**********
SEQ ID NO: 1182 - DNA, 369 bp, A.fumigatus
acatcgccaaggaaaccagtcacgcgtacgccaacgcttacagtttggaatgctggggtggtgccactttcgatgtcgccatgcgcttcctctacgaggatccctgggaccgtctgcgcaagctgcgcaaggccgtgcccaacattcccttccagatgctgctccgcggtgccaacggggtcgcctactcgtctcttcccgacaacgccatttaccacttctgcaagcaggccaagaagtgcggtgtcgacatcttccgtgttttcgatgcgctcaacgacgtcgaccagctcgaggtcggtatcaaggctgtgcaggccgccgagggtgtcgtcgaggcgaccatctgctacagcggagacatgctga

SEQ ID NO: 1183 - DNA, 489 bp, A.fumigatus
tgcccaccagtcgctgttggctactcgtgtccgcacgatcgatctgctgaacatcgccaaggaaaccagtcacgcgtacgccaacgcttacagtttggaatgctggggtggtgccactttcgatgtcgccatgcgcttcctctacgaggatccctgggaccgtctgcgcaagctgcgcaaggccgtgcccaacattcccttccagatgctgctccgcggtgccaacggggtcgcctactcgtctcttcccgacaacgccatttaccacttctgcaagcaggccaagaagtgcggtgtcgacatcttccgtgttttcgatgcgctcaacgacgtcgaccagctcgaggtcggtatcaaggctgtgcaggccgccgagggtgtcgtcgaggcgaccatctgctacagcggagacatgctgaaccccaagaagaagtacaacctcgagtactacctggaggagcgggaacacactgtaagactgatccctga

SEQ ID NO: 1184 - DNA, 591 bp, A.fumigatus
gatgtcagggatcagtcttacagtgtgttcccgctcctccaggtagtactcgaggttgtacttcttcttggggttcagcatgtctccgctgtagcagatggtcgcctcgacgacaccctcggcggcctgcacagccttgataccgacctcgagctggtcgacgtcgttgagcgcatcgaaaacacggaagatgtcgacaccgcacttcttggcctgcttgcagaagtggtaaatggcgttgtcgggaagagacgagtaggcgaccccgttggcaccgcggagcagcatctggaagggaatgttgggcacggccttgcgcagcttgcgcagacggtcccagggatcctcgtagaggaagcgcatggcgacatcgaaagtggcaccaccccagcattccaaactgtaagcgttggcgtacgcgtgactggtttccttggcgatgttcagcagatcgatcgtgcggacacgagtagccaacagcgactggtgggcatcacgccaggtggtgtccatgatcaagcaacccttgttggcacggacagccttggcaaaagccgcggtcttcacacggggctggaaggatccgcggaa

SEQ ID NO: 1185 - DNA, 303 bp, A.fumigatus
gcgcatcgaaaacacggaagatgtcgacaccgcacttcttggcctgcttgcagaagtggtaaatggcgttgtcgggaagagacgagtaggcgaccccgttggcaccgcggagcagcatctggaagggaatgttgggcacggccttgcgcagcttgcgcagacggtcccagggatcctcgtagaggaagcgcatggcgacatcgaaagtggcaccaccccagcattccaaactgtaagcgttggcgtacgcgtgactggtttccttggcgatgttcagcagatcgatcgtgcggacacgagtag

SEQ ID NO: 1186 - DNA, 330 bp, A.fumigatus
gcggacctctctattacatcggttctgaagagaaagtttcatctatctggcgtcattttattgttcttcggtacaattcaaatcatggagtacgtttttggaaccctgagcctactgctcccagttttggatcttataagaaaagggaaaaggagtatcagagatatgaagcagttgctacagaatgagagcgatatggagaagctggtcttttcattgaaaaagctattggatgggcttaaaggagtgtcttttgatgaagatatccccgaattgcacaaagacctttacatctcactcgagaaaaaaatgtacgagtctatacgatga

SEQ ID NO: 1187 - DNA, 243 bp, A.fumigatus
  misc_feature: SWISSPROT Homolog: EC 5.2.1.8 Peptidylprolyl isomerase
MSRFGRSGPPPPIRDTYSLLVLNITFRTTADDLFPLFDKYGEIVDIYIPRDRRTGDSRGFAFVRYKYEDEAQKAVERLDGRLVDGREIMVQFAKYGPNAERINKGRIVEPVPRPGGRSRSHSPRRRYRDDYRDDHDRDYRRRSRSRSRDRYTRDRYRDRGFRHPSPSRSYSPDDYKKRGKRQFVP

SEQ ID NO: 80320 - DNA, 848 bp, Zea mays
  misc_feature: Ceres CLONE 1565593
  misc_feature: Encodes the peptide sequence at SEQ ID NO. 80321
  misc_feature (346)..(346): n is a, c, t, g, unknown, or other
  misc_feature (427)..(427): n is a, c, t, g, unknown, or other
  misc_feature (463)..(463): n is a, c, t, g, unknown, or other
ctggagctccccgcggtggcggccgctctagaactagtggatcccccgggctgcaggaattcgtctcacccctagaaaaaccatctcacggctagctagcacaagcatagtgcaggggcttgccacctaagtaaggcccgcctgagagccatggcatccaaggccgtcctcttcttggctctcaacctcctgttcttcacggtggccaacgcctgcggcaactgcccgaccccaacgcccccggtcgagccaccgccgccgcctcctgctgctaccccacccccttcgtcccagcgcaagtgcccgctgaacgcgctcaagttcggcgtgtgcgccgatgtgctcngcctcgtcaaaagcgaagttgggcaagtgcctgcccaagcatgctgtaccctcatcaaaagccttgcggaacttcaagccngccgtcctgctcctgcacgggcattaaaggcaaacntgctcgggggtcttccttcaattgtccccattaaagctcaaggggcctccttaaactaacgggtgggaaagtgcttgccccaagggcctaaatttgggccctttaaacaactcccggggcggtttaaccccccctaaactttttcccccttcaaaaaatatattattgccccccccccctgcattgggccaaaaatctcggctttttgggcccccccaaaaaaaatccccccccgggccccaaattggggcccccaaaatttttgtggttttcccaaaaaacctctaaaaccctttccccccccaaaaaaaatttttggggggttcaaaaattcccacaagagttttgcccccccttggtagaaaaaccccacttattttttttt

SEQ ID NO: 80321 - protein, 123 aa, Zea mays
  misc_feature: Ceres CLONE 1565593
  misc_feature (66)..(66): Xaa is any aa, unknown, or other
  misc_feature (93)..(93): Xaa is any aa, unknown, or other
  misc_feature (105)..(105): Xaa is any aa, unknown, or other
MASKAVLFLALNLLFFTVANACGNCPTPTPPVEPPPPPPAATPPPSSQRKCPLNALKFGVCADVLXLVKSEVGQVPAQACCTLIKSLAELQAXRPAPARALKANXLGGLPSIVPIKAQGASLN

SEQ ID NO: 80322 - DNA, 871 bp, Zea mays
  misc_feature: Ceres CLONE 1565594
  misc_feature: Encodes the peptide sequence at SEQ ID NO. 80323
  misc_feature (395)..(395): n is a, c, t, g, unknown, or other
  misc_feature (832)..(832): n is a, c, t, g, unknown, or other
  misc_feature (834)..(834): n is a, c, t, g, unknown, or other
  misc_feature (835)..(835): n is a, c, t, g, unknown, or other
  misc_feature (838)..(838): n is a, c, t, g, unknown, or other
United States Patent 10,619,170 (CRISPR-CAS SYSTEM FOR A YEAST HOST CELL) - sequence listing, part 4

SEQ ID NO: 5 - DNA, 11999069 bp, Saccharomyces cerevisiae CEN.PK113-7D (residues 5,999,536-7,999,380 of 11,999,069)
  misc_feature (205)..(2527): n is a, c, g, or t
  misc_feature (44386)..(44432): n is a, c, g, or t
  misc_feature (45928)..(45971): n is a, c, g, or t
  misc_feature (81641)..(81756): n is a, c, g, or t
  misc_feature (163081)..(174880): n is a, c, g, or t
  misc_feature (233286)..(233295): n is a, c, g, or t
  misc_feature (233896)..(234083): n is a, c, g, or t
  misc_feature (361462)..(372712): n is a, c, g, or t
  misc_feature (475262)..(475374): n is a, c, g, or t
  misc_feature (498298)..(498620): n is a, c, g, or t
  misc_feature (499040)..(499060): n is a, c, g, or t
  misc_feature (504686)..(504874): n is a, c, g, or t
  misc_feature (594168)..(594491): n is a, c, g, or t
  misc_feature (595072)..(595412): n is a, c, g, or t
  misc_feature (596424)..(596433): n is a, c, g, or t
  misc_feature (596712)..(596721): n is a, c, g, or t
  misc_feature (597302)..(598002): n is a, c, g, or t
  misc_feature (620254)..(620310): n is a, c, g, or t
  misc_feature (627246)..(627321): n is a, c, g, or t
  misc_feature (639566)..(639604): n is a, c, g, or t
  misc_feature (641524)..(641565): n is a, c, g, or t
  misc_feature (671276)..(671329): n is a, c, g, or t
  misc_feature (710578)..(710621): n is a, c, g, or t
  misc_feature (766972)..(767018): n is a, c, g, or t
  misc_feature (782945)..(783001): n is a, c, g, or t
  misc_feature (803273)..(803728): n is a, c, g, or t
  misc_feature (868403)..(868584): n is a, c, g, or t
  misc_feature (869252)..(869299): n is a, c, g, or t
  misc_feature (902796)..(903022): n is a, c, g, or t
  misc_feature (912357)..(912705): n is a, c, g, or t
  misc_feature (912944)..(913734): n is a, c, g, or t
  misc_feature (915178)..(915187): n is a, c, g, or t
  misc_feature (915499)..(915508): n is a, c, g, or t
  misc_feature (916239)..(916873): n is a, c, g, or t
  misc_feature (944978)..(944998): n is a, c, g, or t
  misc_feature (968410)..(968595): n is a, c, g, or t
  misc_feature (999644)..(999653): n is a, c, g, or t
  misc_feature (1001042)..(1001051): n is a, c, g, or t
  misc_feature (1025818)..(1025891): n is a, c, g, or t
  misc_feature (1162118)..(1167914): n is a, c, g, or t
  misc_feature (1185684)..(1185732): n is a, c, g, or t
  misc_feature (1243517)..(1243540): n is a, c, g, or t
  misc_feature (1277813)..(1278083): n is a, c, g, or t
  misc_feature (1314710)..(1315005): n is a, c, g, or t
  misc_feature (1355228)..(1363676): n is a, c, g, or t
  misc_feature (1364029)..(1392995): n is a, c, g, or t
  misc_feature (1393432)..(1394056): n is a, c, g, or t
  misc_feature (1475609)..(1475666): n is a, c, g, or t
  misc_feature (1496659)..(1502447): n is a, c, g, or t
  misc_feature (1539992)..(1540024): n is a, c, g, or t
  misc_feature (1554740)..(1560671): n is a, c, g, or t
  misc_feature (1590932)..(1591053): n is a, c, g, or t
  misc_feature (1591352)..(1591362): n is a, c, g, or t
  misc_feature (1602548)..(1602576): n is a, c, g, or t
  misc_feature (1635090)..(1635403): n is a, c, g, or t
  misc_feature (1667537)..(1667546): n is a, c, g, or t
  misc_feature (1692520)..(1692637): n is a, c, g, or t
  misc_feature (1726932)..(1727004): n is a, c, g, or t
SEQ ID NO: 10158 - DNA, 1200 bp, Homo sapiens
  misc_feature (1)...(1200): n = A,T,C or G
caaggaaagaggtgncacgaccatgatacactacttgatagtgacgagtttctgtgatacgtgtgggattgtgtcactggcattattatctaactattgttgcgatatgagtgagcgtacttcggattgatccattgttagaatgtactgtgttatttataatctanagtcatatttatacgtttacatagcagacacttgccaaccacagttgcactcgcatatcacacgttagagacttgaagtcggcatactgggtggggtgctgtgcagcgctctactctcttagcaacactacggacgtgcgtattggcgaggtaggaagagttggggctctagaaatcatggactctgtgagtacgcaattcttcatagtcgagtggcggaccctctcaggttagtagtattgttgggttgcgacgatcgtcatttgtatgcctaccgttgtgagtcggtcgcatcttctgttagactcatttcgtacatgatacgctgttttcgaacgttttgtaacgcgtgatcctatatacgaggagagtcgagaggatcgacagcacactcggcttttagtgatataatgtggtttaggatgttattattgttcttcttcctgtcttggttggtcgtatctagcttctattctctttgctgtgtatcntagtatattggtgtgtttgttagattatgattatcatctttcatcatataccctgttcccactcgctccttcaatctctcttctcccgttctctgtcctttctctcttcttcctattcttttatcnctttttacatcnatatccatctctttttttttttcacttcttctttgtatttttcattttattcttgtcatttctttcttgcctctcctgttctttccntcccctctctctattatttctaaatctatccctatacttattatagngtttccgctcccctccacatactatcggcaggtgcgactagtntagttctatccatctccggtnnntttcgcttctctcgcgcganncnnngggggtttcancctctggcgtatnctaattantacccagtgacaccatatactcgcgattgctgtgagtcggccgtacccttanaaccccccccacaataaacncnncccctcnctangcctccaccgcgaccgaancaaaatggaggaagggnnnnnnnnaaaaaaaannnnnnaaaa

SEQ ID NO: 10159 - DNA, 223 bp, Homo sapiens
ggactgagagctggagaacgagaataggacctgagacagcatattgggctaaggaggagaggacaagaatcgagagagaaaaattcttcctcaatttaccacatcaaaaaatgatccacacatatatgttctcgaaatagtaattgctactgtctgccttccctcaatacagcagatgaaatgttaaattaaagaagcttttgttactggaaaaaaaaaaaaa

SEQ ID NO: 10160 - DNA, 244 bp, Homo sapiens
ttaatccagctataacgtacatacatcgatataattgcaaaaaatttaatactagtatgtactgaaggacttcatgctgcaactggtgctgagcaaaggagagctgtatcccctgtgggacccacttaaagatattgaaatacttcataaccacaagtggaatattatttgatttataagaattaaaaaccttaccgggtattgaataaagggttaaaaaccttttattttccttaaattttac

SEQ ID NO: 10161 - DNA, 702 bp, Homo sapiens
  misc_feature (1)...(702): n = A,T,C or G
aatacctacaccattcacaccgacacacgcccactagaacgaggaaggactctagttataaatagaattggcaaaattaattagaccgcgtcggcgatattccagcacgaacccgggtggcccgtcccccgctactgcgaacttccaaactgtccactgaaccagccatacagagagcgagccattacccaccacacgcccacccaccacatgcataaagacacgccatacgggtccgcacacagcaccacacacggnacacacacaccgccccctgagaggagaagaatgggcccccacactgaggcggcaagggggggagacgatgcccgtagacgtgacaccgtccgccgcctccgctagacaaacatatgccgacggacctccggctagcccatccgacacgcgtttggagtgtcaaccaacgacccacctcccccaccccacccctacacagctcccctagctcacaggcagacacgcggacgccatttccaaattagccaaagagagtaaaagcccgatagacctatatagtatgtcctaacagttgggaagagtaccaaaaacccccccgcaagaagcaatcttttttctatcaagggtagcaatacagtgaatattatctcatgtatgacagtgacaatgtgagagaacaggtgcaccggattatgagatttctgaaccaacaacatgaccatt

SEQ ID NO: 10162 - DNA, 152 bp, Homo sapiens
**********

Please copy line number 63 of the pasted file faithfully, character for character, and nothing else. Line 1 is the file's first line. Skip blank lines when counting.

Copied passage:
  misc_feature (868403)..(868584): n is a, c, g, or t